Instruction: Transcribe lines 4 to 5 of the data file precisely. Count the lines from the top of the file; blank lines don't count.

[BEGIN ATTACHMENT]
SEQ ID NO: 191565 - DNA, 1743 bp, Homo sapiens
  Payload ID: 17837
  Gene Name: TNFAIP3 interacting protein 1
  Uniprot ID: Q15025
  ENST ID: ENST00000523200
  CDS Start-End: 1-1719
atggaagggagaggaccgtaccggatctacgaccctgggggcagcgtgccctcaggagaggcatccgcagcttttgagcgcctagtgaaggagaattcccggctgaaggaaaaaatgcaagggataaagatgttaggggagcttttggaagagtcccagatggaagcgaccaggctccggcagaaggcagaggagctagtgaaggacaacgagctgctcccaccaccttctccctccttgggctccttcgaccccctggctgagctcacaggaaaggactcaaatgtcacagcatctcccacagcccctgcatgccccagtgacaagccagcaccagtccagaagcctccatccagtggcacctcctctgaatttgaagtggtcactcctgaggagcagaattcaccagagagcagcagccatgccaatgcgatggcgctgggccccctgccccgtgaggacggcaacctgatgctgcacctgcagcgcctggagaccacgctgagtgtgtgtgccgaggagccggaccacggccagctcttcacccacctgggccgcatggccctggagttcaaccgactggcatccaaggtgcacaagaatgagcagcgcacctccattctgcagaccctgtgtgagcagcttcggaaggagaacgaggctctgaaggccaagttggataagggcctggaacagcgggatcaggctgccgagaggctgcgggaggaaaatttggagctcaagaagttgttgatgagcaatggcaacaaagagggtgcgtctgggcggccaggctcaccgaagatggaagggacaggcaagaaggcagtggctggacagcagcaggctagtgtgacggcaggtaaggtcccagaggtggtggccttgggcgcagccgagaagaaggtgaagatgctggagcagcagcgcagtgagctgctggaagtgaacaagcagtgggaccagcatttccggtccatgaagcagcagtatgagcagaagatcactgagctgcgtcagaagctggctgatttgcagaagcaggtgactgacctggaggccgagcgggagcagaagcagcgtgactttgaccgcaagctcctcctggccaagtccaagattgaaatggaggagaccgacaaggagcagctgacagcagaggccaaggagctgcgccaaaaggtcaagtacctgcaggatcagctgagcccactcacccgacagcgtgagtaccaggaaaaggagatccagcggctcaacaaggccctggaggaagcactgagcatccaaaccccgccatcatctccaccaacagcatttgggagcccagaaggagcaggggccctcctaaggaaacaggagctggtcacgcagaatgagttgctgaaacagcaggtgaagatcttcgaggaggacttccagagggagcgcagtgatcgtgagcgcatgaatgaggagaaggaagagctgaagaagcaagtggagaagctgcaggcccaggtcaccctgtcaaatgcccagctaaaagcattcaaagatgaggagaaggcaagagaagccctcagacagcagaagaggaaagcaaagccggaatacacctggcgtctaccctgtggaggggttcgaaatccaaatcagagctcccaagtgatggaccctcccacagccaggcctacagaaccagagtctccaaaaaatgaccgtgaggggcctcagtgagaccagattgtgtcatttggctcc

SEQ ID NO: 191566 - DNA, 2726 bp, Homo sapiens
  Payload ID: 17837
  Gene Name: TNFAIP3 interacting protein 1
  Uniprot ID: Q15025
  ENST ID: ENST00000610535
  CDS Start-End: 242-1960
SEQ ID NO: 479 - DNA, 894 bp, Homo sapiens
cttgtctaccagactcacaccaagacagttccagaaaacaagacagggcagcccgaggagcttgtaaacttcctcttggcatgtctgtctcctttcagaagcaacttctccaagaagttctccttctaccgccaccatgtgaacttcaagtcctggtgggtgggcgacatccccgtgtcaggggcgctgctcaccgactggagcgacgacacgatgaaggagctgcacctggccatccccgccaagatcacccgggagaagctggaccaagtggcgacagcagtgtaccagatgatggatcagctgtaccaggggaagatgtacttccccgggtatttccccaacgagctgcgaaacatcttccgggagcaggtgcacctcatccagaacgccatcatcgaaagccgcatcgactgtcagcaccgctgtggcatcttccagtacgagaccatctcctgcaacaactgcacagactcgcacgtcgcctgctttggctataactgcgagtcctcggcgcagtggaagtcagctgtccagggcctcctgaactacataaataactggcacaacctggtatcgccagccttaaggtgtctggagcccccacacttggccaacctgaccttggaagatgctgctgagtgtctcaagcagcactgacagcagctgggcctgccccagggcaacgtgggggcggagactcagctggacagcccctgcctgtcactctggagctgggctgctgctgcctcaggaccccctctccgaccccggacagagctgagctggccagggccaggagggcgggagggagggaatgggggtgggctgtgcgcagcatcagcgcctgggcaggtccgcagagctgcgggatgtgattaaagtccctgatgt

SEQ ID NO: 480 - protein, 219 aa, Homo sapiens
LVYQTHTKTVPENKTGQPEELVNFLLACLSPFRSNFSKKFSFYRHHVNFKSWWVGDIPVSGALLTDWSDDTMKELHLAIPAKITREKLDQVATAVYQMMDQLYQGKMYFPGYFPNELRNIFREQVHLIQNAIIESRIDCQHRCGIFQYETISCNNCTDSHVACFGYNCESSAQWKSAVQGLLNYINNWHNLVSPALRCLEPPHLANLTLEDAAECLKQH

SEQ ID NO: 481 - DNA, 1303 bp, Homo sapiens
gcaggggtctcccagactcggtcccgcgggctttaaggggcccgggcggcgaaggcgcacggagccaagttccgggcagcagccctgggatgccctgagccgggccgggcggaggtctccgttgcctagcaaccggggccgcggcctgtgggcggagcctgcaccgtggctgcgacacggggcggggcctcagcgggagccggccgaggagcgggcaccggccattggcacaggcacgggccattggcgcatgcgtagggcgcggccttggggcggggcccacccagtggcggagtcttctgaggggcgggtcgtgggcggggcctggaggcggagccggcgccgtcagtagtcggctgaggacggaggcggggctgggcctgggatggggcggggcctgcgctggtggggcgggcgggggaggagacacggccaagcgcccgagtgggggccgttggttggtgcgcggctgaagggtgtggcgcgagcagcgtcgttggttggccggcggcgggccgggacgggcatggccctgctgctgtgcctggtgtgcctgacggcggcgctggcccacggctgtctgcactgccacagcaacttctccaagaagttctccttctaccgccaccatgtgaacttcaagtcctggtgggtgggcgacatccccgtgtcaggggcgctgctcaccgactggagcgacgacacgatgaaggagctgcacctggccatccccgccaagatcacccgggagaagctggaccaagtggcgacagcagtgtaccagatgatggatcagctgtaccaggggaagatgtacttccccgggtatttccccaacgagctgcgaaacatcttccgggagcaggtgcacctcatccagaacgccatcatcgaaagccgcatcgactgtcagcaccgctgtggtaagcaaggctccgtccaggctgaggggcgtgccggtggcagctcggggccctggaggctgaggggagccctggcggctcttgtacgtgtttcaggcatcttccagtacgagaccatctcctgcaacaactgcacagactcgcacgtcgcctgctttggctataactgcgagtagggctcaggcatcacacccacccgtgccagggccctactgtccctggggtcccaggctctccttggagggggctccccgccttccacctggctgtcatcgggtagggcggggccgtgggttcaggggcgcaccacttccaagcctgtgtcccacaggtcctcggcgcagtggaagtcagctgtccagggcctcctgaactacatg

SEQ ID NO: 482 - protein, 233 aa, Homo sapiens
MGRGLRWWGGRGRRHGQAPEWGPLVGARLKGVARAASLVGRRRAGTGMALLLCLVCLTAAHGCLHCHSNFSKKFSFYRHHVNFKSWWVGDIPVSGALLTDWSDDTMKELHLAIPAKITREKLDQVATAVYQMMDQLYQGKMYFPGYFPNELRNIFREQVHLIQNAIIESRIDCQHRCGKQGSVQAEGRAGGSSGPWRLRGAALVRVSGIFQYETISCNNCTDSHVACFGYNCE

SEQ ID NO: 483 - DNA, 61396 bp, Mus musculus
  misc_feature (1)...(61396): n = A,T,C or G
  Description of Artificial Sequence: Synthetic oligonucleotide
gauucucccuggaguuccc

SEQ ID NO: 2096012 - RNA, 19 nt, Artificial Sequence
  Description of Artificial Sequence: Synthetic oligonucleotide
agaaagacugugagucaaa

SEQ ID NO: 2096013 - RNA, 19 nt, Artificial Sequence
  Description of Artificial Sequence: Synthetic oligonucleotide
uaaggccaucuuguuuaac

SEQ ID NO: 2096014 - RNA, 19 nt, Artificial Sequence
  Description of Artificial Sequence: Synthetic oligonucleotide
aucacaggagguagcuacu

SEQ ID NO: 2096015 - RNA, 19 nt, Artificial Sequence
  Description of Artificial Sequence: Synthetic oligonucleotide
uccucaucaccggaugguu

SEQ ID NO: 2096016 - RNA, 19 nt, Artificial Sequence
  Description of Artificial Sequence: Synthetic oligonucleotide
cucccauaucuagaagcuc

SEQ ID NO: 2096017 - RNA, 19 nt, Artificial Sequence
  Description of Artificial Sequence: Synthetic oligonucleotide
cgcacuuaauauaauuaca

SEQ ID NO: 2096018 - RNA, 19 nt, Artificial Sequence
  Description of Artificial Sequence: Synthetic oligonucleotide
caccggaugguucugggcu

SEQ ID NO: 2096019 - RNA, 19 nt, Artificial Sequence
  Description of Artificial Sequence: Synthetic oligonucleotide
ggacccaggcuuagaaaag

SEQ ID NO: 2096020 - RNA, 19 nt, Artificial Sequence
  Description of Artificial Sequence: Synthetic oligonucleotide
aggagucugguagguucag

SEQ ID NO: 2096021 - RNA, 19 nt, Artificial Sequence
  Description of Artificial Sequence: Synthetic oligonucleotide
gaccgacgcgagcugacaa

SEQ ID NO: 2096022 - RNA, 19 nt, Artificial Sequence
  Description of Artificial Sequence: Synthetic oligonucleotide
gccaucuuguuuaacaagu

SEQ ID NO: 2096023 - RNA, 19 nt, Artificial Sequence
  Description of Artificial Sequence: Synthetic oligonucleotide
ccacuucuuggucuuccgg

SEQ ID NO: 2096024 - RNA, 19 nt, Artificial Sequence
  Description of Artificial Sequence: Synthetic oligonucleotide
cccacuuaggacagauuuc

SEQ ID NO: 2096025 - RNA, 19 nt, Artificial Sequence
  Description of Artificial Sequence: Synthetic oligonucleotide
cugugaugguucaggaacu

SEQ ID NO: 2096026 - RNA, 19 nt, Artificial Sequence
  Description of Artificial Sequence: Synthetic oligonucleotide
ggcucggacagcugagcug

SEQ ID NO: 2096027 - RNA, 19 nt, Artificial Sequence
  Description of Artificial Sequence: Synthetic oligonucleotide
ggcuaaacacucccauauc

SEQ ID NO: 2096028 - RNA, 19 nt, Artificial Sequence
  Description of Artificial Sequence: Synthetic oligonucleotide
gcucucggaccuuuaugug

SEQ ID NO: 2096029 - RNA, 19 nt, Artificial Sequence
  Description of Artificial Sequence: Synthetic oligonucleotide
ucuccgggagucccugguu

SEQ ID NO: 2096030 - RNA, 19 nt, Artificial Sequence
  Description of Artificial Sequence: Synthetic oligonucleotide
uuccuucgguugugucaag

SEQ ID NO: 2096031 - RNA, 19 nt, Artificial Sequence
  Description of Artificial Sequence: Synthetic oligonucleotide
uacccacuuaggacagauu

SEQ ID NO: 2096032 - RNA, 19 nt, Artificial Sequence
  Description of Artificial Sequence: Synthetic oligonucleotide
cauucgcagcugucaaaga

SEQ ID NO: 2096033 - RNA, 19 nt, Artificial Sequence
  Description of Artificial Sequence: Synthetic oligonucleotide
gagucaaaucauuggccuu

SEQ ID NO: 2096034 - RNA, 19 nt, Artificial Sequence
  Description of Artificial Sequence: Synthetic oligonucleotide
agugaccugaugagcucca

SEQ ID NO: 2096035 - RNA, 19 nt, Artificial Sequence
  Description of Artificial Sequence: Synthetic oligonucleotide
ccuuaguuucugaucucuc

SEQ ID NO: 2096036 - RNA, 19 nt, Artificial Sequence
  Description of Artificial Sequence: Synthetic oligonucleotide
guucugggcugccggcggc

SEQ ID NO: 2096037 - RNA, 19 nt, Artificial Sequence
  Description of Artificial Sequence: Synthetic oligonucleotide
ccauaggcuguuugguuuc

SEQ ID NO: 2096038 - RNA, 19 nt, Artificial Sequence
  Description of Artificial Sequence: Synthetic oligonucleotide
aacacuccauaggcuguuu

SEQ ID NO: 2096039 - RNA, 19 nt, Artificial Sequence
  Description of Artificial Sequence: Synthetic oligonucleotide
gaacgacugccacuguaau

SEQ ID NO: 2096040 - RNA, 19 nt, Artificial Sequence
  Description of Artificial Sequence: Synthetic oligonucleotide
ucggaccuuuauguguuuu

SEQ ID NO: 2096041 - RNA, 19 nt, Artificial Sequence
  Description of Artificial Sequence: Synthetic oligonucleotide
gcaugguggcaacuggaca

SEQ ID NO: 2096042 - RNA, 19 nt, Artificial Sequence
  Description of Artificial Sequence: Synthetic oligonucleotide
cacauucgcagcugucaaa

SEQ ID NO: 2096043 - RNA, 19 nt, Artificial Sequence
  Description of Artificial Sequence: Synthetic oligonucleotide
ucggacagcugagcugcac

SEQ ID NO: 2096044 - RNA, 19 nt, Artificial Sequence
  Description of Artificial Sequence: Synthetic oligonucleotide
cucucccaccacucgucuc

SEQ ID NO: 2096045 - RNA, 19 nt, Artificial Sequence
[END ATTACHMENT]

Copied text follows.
  Uniprot ID: Q15025
  ENST ID: ENST00000523200